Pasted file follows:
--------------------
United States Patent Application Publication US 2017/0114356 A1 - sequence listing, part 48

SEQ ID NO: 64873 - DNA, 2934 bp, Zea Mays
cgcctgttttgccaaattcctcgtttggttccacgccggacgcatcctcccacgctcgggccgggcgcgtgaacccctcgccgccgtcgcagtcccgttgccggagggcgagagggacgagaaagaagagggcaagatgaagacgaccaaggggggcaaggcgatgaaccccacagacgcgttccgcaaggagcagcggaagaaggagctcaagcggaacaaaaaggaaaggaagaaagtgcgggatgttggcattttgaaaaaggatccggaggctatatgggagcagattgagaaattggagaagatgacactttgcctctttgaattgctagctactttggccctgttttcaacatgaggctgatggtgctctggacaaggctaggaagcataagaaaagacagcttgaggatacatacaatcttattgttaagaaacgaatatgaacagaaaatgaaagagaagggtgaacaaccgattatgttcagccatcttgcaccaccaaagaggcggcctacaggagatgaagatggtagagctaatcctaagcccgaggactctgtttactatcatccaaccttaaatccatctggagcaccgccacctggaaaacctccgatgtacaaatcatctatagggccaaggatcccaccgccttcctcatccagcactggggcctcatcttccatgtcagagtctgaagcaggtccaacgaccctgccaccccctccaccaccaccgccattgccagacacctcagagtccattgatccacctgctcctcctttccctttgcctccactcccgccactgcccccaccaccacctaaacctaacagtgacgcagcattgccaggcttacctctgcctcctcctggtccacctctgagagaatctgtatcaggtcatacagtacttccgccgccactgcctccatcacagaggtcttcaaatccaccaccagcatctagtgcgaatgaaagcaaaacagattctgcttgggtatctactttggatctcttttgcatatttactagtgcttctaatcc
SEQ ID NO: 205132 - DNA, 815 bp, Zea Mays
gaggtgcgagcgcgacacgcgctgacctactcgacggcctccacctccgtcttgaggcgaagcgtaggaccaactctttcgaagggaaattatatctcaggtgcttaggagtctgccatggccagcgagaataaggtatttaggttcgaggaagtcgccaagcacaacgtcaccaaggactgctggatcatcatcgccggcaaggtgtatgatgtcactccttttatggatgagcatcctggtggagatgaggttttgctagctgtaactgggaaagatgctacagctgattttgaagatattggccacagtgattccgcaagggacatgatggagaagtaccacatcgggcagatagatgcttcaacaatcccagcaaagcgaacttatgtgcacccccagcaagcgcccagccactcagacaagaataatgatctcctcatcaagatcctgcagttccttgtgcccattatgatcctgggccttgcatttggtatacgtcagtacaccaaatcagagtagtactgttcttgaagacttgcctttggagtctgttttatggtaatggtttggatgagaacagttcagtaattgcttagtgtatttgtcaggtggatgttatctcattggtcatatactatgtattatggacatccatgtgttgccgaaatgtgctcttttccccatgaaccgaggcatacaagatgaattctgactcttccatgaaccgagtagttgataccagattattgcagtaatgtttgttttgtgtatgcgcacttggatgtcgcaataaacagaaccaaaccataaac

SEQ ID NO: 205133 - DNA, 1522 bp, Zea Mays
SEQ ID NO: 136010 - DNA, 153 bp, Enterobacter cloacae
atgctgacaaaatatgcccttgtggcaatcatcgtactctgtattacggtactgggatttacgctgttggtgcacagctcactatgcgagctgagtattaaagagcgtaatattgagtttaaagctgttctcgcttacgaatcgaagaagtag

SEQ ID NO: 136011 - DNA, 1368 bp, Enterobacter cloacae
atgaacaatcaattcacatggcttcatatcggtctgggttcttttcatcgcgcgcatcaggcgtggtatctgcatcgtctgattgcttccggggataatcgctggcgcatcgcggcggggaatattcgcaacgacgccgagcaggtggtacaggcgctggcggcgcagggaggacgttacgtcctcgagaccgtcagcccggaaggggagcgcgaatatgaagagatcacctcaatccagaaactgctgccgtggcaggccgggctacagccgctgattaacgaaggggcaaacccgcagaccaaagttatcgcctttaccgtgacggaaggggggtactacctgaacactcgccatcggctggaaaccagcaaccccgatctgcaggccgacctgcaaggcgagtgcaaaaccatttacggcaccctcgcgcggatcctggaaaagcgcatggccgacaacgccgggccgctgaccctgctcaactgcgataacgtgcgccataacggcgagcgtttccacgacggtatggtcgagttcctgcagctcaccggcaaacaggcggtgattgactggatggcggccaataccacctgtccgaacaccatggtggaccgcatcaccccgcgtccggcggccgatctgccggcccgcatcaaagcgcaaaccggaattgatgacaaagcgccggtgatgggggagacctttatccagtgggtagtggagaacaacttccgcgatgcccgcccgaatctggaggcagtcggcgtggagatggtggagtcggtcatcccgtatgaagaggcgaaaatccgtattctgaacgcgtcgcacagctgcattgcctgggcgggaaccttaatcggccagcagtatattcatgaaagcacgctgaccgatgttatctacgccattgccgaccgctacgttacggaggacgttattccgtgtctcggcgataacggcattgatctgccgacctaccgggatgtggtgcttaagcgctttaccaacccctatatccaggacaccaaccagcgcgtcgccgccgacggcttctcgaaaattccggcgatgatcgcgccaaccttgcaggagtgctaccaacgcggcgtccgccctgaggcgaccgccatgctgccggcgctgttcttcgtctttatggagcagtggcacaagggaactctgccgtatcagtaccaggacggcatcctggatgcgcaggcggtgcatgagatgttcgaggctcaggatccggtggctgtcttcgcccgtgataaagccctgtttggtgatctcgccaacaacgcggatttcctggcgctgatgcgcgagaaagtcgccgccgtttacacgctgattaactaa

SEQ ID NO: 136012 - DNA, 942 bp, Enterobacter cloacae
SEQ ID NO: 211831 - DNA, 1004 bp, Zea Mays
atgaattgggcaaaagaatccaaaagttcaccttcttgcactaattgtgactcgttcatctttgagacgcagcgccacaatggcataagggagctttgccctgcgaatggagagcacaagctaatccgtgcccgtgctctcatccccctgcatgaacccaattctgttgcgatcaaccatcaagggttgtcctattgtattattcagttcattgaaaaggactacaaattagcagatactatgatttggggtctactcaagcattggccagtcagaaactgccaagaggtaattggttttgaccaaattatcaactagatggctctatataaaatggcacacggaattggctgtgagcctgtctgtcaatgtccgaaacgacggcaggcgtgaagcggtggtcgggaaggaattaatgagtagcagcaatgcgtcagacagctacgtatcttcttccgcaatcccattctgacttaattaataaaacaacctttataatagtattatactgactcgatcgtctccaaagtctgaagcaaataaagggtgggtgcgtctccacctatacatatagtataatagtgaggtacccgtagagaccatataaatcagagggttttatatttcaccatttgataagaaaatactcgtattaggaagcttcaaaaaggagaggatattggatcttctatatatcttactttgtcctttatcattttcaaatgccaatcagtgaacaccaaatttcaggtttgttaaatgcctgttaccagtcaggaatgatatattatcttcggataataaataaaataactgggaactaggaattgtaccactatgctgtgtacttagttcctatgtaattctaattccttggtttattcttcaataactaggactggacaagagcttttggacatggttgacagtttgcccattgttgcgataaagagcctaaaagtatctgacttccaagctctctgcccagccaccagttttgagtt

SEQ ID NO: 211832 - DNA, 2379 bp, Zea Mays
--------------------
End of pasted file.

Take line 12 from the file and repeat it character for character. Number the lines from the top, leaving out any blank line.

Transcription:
SEQ ID NO: 211831 - DNA, 1004 bp, Zea Mays